Mr. Rogers was a beloved fixture in children's entertainment for many decades, noteworthy for his calm, respectful approach in treating children as the individual humans that they are, and providing a safe way for them to acknowledge their fears and concerns while also having fun. This unexpectedly moving, candid documentary fleshes out the man and gives insight into what it was that helped him to create a show with such impact and resonance; a cultural icon that inspired both imitation and parody. I enjoyed it very much.
Won't You Be My Neighbor is a slick, well-produced, engaging documentary about an undeniably authentic, intelligent, caring man. It will warm the hearts of anyone from the generations of children who grew up watching, and then watching their children watch, Fred Rogers, while deepening their appreciation for the gentle influence he exerted and the difficulties he faced. Unfortunately, it is also predicated on the lie, repeated over and over, that a real relationship existed between the Mr Rogers and the children watching him on TV, that his neighborhood was a real community of which they were a part and not a mere imposture of one, that what happened in the house set was less pretend than what happened in the Neighborhood of Make-Believe. The documentarians chose to cover this through heavy-handed sentimentality, classing those who dare to criticize their subject as evil meanies who want to make children cry (and are probably racists and homophobes, too). They therefore completely miss the greatest and most impactful lesson Rogers taught us - that television is our best friend.
I admit that I knew very little about Mr. Rogers and his neighbourhood show. I never saw it as a child. But after seeing this documentary I wish I had. Touching, inspiring and made me hug my kids tighter after it.
This is an excellent documentary-style story about this amazing person. The big takeaway for me was the discovery that he was the same person that we saw in his children's program in real life, it was not an act. He was on a mission to change children's TV programming and did. His work should be admired for generations to come and I hope that future projects geared toward young viewers will continue his work by demonstrating how we should interact and work together to become better people. If you were a fan as a child or are interested in young viewers' programming, this is a worth watching.
Great movie about a great man.We need more of this kind of thinking for the younger generation. 5 stars.
A fantastic, inspiring documentary that brought up many great questions about life and childhood.
I was about 14 when Mr. Rogers' show debuted so I always thought it was a little sappy. But this film showed me that for the millions of kids who watched the show, Mr. Rogers was not sappy at all and that his message "I like you just the way you are" was something that many of them needed to hear. Watching kids watching Fred Rogers made me a believer in his uniqueness and greatness. It takes a lot to make me tear up over a movie, but that question at the end, oh my.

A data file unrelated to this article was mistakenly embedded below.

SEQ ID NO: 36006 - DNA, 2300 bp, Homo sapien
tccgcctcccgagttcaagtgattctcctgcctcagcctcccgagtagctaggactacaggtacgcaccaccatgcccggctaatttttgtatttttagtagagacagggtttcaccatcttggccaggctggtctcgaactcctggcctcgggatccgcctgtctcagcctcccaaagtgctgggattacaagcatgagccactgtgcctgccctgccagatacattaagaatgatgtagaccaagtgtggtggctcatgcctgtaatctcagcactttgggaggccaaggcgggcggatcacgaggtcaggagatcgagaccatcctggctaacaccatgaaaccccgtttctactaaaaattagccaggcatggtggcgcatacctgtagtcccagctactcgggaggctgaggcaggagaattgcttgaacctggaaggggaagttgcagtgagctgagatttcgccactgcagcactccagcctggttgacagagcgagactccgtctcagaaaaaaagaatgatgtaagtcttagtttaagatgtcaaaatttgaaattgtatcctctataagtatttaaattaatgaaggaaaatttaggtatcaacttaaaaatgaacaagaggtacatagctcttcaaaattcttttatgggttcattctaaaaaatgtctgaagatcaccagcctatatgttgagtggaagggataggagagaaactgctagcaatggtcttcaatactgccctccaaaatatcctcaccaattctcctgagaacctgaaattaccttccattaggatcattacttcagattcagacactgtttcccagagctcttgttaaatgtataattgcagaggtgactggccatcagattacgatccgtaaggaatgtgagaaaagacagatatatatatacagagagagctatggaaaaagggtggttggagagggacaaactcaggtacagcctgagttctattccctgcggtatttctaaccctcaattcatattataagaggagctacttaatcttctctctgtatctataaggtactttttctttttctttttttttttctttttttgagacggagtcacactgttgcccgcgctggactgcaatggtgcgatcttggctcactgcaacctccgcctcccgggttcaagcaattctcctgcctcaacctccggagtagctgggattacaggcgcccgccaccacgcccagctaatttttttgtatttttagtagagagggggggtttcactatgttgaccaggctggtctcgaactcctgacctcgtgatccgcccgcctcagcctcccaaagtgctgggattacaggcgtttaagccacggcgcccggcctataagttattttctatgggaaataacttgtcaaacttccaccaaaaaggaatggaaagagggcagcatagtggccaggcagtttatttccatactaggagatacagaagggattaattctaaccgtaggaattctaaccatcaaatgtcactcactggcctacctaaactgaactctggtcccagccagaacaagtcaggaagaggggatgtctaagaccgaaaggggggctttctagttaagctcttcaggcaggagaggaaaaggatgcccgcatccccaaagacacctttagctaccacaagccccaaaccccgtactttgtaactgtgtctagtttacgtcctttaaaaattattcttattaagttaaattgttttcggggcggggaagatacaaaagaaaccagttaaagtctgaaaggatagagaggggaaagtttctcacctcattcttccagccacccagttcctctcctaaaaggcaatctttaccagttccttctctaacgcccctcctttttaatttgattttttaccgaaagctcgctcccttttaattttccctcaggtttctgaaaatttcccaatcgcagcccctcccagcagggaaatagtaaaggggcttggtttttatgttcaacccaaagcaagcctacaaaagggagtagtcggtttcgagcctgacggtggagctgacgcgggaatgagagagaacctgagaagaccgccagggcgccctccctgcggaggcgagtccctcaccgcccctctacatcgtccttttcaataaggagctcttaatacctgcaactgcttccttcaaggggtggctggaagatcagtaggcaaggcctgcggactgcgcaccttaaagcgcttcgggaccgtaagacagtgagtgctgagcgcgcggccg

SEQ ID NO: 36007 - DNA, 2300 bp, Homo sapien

Pretty, pretty good (LD).
A couple of weird moments but overall a nice tribute with a nice message.
A really well-done documentary about a really great person who had a really inspiring dream. It was interesting to see how the show began and the course it took throughout the years and what everyone had to say about Mr. Rogers. You are left with such a warm feeling and a little sadness knowing that there really isn't this type of show anymore. I am heavily considering getting these for my daughter to watch.
It's like watching the needle scene from Pulp Fiction but instead of having a needle full of adrenaline jammed into the heart, it's a needle full of pure goodness and hope in the world...for an hour and a half at least.
I was a teenager when Mr. Rogers started his show so never really saw it.
But this documentary helped me understand the appeal of the show and its creator. What an inspiration Fred Rogers is. I was teary-eyed for much of the movie because the message of the movie and the man is so pertinent now. Watch this movie as an antidote to the crass, mean-spirited atmosphere we seem to be stuck in today. Or just watch it to better understand how we can emulate the spirit of Mr. Rogers to better own lives.
I got a little "verklempt" watching this. Rogers was right there along the Friendly Giant, Mr Dress Up and Archie and his friends (CKY Winnipeg), which explains I've never done jail time. He was bold talking about war, assassination, and divorce on his shows - you'll never see that today. Typical how he's picketed at his funeral, ridiculed for "spoiling" a generation. When a child is born it asks "can I trust you" - it seems Mr Rogers was the only one who ever answered "yes".
I'm very positive about this. It is informed by the intelligence of Neville Morgan whose films punch above the weight of their apparent subject. Some of the cheap shot humor at Mr. Rogers expense, and the fact that critics chose his funeral to inveigh against him, is indicative of the his varying effect on people. He had some doubts himself; asking at one point if he was a sheep, rather than a goat. My father often said, 'children should be seen and not heard', but he said it in quotes, as if he was not entirely comfortable with that. Much as he invited young children to be his neighbor, much as he offered them assurances (You'll never go down the drain) they could never really take those to the bank. I never heard him go so far as to say, 'You can be anything you want'; rather he said 'I like you just the way you are', the sort of pushback to bullying most can approve of. Having been slighted by what seemed bad he became a determined do-gooder in the tradition of a certain kind of Christianity. Stepping ahead, not on certainties, but with good intentions. such as pave the road to hell.
Great, heart-warming documentary
If you watched Mr. Rogers as a kid and do not tear up a bit watching this then you have no compassion, no empathy and no heart - in other words, you grew up to be a republican.